This is a partial letter from the Organic Consumers Assoc.
Last week, after learning that the Grocery Manufacturers Association (Big Food’s lobbying group), had petitioned the FDA to allow food makers to use the word “natural” on GMO-contaminated foods, we predicted a treacherous road ahead for the anti-GMO movement in 2014.
In 2013, we warned about a letter to the FDA asking the agency to finalize its 2001 guidance on voluntary labeling of GMOs—a move we suggested then, and still believe, would preempt state and federal mandatory labeling of GMOs.
In a recent op-ed in the Los Angeles Times, two former government officials floated the idea of a compromise that would include allowing specific amounts of GMOs, and/or exemptions for certain ingredients, such as high fructose corn syrup or canola oil, where processing has made it impossible to detect GMO ingredients. The authors also reiterated industry’s argument that if consumers want GMO-free, they can buy organic. In response, one scientist told the OCA:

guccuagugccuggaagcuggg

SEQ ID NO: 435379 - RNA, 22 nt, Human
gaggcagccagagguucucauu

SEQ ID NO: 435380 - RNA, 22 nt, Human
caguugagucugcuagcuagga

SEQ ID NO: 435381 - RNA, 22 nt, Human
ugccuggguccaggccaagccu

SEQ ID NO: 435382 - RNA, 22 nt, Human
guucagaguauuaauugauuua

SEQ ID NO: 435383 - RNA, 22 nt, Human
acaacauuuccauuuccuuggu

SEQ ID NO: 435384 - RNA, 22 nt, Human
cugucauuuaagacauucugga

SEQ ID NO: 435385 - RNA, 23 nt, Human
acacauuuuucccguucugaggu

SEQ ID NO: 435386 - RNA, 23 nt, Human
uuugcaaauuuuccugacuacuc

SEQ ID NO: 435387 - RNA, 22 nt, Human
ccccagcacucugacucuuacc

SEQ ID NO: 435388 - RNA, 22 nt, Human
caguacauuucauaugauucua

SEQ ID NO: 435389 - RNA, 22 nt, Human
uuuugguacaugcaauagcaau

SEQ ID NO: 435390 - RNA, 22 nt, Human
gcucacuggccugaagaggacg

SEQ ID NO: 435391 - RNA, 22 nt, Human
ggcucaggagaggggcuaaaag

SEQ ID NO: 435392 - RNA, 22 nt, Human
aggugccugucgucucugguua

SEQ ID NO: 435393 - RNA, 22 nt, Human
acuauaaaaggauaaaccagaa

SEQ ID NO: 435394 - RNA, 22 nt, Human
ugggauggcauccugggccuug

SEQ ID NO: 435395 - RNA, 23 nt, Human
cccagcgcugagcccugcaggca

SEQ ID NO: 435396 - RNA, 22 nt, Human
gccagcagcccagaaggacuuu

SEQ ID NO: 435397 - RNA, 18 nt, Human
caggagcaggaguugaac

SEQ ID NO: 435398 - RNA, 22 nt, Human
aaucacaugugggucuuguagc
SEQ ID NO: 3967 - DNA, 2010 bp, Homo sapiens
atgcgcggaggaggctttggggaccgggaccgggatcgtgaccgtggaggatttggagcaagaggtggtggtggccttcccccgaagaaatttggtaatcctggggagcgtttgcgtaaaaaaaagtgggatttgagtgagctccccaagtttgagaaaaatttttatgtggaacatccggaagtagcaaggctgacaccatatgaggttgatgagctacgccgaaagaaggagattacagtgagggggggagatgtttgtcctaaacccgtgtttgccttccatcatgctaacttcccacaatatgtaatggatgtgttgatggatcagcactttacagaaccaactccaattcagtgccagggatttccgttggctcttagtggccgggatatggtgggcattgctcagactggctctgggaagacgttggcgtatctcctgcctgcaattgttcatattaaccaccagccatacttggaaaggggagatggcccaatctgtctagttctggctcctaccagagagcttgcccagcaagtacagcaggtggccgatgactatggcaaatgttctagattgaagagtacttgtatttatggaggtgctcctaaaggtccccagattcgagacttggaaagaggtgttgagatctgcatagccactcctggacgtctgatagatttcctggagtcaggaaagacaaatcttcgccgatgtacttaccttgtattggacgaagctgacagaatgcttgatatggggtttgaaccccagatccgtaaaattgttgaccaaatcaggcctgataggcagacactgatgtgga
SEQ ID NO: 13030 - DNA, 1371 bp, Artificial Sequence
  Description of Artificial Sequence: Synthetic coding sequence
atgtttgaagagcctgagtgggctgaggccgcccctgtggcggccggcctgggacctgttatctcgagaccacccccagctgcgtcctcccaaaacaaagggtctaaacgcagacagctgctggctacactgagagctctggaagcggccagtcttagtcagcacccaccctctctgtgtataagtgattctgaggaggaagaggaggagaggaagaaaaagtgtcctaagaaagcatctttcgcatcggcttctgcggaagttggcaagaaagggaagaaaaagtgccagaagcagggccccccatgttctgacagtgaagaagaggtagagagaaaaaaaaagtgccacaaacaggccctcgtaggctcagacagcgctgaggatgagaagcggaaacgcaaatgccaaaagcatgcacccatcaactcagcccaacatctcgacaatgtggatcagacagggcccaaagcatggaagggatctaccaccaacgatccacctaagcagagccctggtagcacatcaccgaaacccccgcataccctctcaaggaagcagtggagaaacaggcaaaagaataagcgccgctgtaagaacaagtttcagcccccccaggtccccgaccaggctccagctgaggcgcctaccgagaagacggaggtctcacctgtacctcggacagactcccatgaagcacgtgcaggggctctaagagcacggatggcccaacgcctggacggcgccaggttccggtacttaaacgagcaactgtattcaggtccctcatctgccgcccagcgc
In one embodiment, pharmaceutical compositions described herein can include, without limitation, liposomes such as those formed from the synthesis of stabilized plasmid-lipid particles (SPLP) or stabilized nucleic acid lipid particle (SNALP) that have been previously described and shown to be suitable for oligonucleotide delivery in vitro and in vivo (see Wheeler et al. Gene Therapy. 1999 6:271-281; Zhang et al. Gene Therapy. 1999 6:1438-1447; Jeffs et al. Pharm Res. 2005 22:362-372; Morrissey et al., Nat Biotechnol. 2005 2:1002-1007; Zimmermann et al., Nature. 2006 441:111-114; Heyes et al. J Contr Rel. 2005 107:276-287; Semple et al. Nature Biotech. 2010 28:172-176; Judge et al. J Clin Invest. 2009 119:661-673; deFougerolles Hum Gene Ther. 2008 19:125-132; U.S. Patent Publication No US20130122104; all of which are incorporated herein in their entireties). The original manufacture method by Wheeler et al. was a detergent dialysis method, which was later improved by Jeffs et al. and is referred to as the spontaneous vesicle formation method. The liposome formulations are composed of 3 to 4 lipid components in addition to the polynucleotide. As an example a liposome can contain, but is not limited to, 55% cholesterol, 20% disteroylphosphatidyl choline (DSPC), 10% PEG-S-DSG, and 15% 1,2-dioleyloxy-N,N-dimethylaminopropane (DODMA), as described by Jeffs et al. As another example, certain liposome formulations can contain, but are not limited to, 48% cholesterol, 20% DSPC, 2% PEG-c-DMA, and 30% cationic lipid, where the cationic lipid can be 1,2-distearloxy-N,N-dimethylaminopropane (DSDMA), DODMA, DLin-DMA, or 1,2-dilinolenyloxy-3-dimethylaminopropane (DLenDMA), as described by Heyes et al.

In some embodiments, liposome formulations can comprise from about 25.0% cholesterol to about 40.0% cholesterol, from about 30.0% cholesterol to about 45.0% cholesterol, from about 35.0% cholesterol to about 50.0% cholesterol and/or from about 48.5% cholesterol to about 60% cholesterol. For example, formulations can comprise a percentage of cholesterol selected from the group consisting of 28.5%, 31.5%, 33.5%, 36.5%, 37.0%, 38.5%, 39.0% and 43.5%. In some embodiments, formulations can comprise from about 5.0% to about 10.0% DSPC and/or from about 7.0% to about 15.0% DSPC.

“That is a smokescreen that allows the biotech industry to avoid taking responsibility for the harm caused by their patented, transgenic creations. Without mandatory GMO labeling, there is no way to understand public health impacts or conduct epidemiological research on diets containing GMOs.”
After decades of quietly profiting by contaminating food products with cheap, unsafe GMO-contaminated ingredients, the food industry sees those profits at risk. They’ve spent millions to defeat laws that are common in 60 other countries. Now, in an effort to undermine state laws, and subvert the democratic process, Big Food wants to cut a deal with Congress and the FDA. A deal that will provide no meaningful protection for consumers, and hand industry yet another free pass to poison and pollute.
Consumers have been clear. More than 90 percent of us want mandatory GMO labeling laws. No voluntary schemes. No watered-down regulations. No compromises. Please sign our petition to the FDA asking the agency to reject any federal law that is weaker than the state laws already passed in Maine and Connecticut, and proposed in Vermont and other states.
Read the proposed bill:
Let your congress people know your thoughts!